One can expect fierce fighting among political parties in the District Council elections at the end of this year and the Legislative Council elections next year.
However, since the outcome of the ongoing political reform still hangs in the balance, major political parties are keeping a low profile as circumstances might change at any given moment.
The results of the District Council elections in November will be critical. They will determine who will be eligible to run for so-called “super seats” in the next Legco elections.
Given that Democratic Party lawmaker Albert Ho has said he will resign to trigger a referendum after the political reform package is put to a vote in Legco, many believe he will not seek reelection in 2016 and will be replaced by a younger party colleague.
Another Democratic Party heavyweight, James To, has said it’s up to his party to decide who should run.
The pan-democratic camp is likely to see a major overhaul in the next Legco election, so is the pro-establishment camp.
Starry Lee, the DAB chairperson hopeful, is likely to be elected through to the “super seats”.
She managed to take a lot of pro-establishment votes from Chan Yuen-han (nicknamed Sister Han) of the Hong Kong Federation of Trade Unions (HKFTU) in the last election.
It seems the Liaison Office of the Central People’s Government in Hong Kong will have its work cut out for it trying to coordinate the campaign between the two leading pro-establishment parties.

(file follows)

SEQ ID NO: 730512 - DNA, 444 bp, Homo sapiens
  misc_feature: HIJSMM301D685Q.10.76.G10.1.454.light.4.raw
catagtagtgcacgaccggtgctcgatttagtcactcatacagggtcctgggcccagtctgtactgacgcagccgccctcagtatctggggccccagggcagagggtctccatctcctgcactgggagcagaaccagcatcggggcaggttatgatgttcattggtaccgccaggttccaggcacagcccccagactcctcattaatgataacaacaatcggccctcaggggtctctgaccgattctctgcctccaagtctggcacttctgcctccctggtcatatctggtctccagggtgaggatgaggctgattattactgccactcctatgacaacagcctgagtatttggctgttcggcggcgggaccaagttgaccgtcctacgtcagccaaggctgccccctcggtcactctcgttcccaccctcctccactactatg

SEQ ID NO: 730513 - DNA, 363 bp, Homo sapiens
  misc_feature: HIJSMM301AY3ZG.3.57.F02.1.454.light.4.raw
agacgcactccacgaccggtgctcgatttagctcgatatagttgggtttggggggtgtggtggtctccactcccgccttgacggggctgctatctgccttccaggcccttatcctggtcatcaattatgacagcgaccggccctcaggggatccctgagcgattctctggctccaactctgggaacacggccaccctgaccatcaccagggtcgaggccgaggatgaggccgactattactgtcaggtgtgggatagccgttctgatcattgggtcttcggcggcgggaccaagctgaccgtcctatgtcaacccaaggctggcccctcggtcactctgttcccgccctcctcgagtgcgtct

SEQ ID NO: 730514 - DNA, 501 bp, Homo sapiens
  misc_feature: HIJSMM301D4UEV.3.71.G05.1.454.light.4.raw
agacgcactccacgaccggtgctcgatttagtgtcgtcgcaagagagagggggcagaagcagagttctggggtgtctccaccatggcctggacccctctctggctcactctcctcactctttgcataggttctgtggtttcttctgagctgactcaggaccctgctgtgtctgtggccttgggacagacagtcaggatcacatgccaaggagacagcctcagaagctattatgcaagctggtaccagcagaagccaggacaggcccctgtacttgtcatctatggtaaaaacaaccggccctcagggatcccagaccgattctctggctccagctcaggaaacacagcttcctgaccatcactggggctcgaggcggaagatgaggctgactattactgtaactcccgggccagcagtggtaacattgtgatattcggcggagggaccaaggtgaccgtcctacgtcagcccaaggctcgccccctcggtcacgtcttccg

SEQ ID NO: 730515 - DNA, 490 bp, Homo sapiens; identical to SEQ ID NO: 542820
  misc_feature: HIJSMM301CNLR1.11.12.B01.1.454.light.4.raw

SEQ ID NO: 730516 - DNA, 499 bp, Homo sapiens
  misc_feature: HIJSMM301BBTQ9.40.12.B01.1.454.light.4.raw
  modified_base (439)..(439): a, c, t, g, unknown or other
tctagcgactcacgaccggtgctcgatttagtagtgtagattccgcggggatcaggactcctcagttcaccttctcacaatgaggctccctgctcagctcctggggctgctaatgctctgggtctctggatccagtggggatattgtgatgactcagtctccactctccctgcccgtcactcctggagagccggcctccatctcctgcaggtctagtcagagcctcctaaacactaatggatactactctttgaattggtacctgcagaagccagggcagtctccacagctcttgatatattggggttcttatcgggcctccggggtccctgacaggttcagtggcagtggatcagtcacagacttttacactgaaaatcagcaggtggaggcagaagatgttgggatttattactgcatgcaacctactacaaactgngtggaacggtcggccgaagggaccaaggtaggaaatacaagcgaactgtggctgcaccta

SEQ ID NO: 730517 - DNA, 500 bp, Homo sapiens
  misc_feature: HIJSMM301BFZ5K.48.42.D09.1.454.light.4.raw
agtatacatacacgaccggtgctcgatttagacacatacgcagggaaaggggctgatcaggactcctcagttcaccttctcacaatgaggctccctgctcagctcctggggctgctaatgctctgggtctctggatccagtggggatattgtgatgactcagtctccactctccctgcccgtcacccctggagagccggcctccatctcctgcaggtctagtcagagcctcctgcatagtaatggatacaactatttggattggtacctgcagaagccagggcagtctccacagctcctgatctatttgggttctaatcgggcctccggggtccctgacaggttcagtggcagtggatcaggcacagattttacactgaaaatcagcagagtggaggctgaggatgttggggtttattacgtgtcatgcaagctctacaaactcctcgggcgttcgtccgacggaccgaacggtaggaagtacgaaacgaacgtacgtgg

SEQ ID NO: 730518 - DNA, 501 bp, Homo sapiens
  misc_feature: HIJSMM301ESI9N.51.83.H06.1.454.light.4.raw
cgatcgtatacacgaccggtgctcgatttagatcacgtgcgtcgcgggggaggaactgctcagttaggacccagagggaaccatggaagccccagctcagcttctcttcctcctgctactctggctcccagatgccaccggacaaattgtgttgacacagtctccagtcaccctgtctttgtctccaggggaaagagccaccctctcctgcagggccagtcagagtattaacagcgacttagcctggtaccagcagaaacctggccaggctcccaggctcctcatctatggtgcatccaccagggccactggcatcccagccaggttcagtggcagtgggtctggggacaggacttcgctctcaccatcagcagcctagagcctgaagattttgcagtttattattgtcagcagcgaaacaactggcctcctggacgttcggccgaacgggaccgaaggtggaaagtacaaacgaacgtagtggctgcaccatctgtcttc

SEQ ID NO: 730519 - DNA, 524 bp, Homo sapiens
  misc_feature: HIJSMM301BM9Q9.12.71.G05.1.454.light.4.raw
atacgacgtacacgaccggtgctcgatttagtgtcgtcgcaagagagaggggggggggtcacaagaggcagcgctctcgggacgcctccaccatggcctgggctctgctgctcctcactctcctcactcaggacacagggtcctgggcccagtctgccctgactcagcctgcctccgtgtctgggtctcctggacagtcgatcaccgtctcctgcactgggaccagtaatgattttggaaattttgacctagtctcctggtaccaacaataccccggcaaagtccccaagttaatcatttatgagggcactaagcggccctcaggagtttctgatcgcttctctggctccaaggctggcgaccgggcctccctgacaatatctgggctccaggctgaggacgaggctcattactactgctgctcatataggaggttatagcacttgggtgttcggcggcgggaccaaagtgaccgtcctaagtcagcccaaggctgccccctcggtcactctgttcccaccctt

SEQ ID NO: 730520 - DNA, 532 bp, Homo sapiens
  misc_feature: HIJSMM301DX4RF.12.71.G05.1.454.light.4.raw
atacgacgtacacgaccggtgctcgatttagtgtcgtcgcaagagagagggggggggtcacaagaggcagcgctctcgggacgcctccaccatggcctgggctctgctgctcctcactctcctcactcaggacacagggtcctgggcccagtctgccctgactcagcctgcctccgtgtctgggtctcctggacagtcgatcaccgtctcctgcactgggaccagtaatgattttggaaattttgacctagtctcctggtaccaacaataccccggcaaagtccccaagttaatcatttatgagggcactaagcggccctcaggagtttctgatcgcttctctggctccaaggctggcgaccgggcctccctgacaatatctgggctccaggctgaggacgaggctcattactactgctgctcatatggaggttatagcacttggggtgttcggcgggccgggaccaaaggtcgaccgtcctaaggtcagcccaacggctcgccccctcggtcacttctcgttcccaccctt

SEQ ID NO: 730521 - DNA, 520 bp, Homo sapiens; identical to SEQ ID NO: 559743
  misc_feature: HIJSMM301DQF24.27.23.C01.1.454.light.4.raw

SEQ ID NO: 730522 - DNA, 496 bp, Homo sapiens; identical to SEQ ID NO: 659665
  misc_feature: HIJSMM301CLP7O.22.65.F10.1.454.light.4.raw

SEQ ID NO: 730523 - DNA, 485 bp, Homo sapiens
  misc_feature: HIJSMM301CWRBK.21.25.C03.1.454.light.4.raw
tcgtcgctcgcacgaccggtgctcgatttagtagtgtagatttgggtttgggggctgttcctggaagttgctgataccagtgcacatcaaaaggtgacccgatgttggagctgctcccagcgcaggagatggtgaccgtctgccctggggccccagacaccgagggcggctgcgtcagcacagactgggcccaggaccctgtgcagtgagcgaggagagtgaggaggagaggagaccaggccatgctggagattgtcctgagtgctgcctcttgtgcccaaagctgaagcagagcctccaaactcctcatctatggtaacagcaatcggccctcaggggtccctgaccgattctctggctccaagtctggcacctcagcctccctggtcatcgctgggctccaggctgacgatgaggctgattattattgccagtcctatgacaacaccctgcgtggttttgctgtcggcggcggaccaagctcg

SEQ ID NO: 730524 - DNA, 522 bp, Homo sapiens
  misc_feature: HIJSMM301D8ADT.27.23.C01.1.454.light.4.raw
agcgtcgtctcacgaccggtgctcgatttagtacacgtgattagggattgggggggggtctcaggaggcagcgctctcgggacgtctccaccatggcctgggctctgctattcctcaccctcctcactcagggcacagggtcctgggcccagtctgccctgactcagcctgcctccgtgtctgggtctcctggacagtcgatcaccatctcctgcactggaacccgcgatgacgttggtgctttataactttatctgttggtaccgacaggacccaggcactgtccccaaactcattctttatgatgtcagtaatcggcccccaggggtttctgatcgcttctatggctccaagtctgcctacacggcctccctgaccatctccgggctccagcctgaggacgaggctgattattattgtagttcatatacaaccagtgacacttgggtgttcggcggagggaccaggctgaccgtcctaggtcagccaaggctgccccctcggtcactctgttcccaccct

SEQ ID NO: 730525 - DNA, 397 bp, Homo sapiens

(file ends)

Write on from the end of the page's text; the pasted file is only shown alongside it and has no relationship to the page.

However, it remains a mystery whether 69-year-old Sister Han will contend again in the upcoming elections. Even high ranking HKFTU personnel refrain from confirming that with her.
As HKFTU chairperson, Chan is a seasoned politician and a highly respected figure in the pro-establishment camp and the labor sector. She often plays teacher in front of government officials during Legco meetings.
She once resigned from politics because of health problems but staged a comeback in 2012.
Her party will find it reassuring if she stays on a little longer but that will also mean someone has to go.
It is said that there is an unwritten rule in HKFTU — the two lawmakers representing the labor sector are only allowed to stay in the functional constituency for a single term, after which they must offer their seats to younger colleagues and run in the geographical constituencies.
Sources say Tang Ka-piu and Kwok Wai-keung, the two incumbent FTU lawmakers representing the labor sector, are planning to run in New Territories East and Hong Kong Island, respectively, in 2016.
Unfortunately, under such arrangement, Wong Kwok-hing, the FTU incumbent in Hong Kong Island, will have to switch to another geographical constituency.
It is said that if Chan Yuen-han decides against running again, Wong will replace her and contend for a “super seat”. Otherwise, Wong will have to step down for good.
In other words, only Chan or Wong will survive.
We got in touch with Sister Han yesterday and tried to find out whether she will run again for Legco in 2016, but she said she wanted to focus on her job and hadn’t given any thought to the idea.
We will soon find out when the entry period for the District Council elections begins.
If she signs up for that, it will become clear she will be running again in 2016, and vice versa.
We will know before the end of the year whether Wong Kwok-hing will continue to demonstrate his calligraphy and engage in verbal battles with pan-democrats in the chamber after 2016.
This article appeared in the Hong Kong Economic Journal on Jan 28.
Translation by Alan Lee
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